White South Africans once saw Nelson Mandela as the head of a terrorist sect bent on destroying their comfortable lives. Channel 4 News looks at the journey Mandela and his country have taken.
They ruled together from 1910 under the Union of South Africa, established eight years before Mandela’s birth in the Eastern Cape.
The ruling National Party, which was voted into power in 1948, compounded the racial segregation by making it legal – introducing the apartheid system which plagued South Africa until 1993.
Mandela led the opposition to apartheid as the founder and commander in chief of the African National Congress (ANC). For that, he was imprisoned for 27 years of his life.
A whites-only referendum established South Africa as a republic in 1961, but it was not until 1994 that the country – beaten down by relentless protests and insurgency – held its first multi-racial elections.
The old regime crumbled, the ANC was installed, and Nelson Mandela become South Africa’s first black president.
Under Mandela, South Africa became the rainbow nation he envisaged from his prison cell.
President for just one term, he concentrated on rebuilding the image of South Africa as a viable option for international business. Meanwhile, his deputy Thabo Mbeki ran the day-to-day business of government.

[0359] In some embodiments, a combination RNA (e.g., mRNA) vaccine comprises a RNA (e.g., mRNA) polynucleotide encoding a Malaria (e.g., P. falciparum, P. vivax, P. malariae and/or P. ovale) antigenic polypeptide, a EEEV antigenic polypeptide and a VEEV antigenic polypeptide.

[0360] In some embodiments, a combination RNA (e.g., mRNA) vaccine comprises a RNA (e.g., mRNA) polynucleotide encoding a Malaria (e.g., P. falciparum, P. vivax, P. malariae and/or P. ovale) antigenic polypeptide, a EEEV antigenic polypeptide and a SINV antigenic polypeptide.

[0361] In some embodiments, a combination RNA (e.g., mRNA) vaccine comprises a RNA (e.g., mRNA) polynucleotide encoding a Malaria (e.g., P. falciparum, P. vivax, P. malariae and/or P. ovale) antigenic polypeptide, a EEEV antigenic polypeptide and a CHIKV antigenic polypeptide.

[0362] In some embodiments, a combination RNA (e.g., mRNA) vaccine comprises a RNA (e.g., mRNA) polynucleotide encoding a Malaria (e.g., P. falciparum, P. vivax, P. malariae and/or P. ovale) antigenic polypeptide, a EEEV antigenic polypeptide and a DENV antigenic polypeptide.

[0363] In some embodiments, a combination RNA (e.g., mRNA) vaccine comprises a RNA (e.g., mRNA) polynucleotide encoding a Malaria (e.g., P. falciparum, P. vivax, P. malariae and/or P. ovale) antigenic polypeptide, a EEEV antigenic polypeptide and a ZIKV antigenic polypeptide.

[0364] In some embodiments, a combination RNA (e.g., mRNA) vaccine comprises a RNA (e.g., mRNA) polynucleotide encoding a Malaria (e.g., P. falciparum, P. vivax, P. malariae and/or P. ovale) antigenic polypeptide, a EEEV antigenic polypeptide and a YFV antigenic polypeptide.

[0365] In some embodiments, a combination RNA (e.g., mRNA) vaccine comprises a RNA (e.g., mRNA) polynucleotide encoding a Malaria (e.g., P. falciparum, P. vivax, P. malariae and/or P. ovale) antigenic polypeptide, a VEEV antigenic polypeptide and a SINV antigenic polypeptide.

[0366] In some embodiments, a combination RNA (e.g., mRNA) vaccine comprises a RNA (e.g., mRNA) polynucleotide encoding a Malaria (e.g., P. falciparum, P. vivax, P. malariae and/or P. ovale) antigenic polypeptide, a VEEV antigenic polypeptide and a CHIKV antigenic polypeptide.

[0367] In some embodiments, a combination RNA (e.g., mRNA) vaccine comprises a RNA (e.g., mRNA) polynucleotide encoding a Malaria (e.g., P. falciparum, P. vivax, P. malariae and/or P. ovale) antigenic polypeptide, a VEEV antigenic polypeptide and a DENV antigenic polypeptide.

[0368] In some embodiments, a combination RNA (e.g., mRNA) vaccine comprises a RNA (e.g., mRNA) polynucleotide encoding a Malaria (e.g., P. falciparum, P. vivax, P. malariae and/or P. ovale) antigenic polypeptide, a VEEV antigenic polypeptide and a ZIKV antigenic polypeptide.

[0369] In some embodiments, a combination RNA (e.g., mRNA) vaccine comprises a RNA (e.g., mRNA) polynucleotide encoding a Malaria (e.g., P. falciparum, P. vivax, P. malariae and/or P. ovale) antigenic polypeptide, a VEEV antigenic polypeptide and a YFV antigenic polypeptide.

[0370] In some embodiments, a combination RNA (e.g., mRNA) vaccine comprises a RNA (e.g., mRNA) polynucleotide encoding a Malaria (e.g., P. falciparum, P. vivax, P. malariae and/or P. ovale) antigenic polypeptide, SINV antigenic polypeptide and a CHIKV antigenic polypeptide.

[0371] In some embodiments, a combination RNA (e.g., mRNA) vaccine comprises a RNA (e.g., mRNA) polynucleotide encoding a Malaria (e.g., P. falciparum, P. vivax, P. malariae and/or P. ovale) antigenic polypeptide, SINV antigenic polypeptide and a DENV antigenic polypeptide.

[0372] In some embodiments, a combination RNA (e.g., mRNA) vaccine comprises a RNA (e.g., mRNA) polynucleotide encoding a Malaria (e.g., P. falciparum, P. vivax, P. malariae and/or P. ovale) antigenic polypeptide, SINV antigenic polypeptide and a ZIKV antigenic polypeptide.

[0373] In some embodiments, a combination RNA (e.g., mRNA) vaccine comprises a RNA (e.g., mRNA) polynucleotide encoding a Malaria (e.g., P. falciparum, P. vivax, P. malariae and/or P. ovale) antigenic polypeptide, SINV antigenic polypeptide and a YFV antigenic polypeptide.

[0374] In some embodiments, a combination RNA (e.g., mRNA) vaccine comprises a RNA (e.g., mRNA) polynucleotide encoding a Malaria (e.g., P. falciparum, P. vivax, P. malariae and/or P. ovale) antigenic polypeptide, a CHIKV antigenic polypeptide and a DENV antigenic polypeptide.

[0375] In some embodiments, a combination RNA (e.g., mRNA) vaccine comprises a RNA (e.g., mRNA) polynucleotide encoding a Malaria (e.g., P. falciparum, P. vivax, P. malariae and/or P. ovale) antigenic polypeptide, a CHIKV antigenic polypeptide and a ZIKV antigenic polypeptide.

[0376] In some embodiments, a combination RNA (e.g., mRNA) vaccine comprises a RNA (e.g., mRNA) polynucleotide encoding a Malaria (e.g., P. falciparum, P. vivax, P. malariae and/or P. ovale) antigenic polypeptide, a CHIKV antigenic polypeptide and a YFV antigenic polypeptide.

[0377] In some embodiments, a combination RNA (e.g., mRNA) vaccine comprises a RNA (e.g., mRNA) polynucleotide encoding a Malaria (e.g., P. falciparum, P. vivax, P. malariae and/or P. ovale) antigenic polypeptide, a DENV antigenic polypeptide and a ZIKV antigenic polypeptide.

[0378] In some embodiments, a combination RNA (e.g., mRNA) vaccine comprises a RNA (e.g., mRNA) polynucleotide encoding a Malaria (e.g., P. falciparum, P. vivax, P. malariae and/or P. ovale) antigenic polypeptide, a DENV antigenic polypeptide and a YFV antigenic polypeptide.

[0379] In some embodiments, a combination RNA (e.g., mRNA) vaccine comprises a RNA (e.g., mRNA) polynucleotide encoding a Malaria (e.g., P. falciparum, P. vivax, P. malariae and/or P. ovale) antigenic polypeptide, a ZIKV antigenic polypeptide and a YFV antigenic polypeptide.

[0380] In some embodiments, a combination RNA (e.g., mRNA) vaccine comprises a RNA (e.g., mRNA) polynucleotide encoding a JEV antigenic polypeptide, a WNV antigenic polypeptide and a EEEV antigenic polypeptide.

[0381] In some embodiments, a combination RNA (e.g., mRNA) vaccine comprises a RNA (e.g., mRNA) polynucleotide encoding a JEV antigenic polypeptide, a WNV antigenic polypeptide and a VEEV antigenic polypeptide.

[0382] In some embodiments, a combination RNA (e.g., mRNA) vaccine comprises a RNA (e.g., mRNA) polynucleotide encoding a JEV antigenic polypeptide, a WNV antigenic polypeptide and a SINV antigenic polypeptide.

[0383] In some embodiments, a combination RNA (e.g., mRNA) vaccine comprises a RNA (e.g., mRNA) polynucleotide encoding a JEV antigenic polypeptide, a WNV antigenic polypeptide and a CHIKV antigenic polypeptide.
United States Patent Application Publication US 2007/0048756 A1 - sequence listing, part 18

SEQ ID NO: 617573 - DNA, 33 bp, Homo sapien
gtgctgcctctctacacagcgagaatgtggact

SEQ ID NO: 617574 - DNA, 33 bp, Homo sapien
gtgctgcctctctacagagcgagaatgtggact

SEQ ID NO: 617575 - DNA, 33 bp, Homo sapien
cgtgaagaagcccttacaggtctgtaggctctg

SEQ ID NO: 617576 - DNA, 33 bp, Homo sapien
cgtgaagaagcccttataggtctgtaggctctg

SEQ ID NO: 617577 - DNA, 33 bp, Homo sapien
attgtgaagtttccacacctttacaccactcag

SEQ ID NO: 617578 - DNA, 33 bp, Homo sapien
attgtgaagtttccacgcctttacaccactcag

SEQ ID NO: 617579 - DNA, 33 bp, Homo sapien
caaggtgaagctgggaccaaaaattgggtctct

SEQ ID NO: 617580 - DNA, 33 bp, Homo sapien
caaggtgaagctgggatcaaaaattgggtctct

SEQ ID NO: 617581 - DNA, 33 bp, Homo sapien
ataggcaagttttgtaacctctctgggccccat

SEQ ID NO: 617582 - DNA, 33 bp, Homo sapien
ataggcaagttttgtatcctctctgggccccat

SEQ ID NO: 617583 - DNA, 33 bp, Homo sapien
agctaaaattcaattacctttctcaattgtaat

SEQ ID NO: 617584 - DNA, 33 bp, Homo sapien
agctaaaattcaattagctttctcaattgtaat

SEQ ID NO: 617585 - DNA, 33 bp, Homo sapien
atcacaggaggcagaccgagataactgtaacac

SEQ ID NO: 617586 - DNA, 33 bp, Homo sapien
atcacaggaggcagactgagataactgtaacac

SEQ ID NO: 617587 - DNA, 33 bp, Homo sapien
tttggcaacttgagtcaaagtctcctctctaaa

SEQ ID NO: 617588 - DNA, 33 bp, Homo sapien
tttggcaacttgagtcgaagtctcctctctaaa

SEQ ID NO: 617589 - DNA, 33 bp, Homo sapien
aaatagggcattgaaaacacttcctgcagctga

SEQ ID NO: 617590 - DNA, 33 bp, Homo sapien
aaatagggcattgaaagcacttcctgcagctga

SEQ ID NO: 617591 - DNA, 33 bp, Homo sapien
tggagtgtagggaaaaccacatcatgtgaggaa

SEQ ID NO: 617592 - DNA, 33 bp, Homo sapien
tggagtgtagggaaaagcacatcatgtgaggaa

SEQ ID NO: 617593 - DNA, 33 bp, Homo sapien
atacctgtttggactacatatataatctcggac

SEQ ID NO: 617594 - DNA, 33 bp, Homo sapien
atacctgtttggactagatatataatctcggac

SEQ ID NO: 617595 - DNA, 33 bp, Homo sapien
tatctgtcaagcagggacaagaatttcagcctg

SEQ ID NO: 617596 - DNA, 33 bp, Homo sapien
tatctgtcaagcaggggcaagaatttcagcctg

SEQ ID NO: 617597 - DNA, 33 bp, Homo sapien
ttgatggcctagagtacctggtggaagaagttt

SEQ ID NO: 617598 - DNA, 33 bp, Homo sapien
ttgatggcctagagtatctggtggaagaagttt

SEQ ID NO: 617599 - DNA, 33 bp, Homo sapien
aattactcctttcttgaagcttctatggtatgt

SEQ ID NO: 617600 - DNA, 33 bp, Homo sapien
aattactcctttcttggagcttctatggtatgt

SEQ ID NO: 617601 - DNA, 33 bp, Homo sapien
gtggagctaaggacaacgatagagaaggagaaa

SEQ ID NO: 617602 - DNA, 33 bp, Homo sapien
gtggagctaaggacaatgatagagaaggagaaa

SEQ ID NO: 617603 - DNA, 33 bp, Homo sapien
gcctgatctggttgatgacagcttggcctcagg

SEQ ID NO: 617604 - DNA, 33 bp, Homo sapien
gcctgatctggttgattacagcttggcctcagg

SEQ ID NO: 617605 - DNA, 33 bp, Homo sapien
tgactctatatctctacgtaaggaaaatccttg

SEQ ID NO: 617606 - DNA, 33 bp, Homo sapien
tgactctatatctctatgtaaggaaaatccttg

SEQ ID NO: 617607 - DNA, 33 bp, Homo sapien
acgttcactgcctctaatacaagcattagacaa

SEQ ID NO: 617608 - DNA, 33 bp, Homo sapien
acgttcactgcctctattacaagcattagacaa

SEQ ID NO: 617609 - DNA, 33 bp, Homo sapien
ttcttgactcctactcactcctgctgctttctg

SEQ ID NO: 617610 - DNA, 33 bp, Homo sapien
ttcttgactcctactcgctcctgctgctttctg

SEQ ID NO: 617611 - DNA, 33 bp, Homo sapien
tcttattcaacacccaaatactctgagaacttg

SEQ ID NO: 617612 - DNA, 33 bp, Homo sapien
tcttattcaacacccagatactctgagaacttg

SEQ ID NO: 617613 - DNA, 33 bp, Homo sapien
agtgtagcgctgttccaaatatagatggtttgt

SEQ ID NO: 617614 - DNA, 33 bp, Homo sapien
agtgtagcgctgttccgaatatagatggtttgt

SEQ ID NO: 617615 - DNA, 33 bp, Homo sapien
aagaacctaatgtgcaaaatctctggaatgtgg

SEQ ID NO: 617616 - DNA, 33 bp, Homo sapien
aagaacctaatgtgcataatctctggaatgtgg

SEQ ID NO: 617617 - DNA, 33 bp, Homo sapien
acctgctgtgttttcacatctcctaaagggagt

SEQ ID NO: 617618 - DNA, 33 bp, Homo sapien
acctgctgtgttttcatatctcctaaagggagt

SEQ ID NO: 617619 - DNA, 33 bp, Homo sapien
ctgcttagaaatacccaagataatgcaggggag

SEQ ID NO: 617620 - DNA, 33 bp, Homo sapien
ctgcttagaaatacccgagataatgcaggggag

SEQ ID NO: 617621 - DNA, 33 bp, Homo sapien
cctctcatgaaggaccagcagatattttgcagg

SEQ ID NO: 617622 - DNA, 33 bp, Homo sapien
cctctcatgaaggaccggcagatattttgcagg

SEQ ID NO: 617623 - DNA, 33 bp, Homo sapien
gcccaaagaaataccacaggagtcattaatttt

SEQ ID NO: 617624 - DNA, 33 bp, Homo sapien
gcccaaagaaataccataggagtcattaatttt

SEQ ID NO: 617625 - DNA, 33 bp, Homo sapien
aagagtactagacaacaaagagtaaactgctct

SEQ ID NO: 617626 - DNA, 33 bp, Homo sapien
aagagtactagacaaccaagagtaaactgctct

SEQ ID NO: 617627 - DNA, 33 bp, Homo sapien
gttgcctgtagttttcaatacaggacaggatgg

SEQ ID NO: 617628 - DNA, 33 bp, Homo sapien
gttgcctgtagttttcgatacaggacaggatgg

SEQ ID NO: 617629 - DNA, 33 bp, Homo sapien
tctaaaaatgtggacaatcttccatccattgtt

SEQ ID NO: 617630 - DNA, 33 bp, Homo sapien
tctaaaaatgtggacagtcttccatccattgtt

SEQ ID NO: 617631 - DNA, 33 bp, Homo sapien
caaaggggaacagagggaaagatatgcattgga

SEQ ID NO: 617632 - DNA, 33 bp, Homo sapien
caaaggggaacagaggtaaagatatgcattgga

Today, South Africa is the richest country in Africa, with an economy ranked 27th in the world in 2011 by the World Bank in terms of GDP.
As the host of the 2010 football World Cup, South Africa confounded the sceptics who prophesied murders and muggings – changing the perceptions of a nation, and a continent.
Crime actually fell during the games – which was no mean feat for a nation with one of the world’s highest crime rates. South Africa suffers an average of 50 murders every day.
Indeed, the nation still has far to come. The balance between the races remains off kilter – between the haves and have-nots.
It also suffers acutely on the most basic levels, from housing to providing education and healthcare. More than a quarter of South Africa’s population currently receives social grants, according to Forbes magazine.
Today, if you drive into Cape Town from the airport, the motorway passes by one of the country’s largest townships.
It is grim, unavoidable – and serves as a constant reminder to the government of just how much work there is still to do.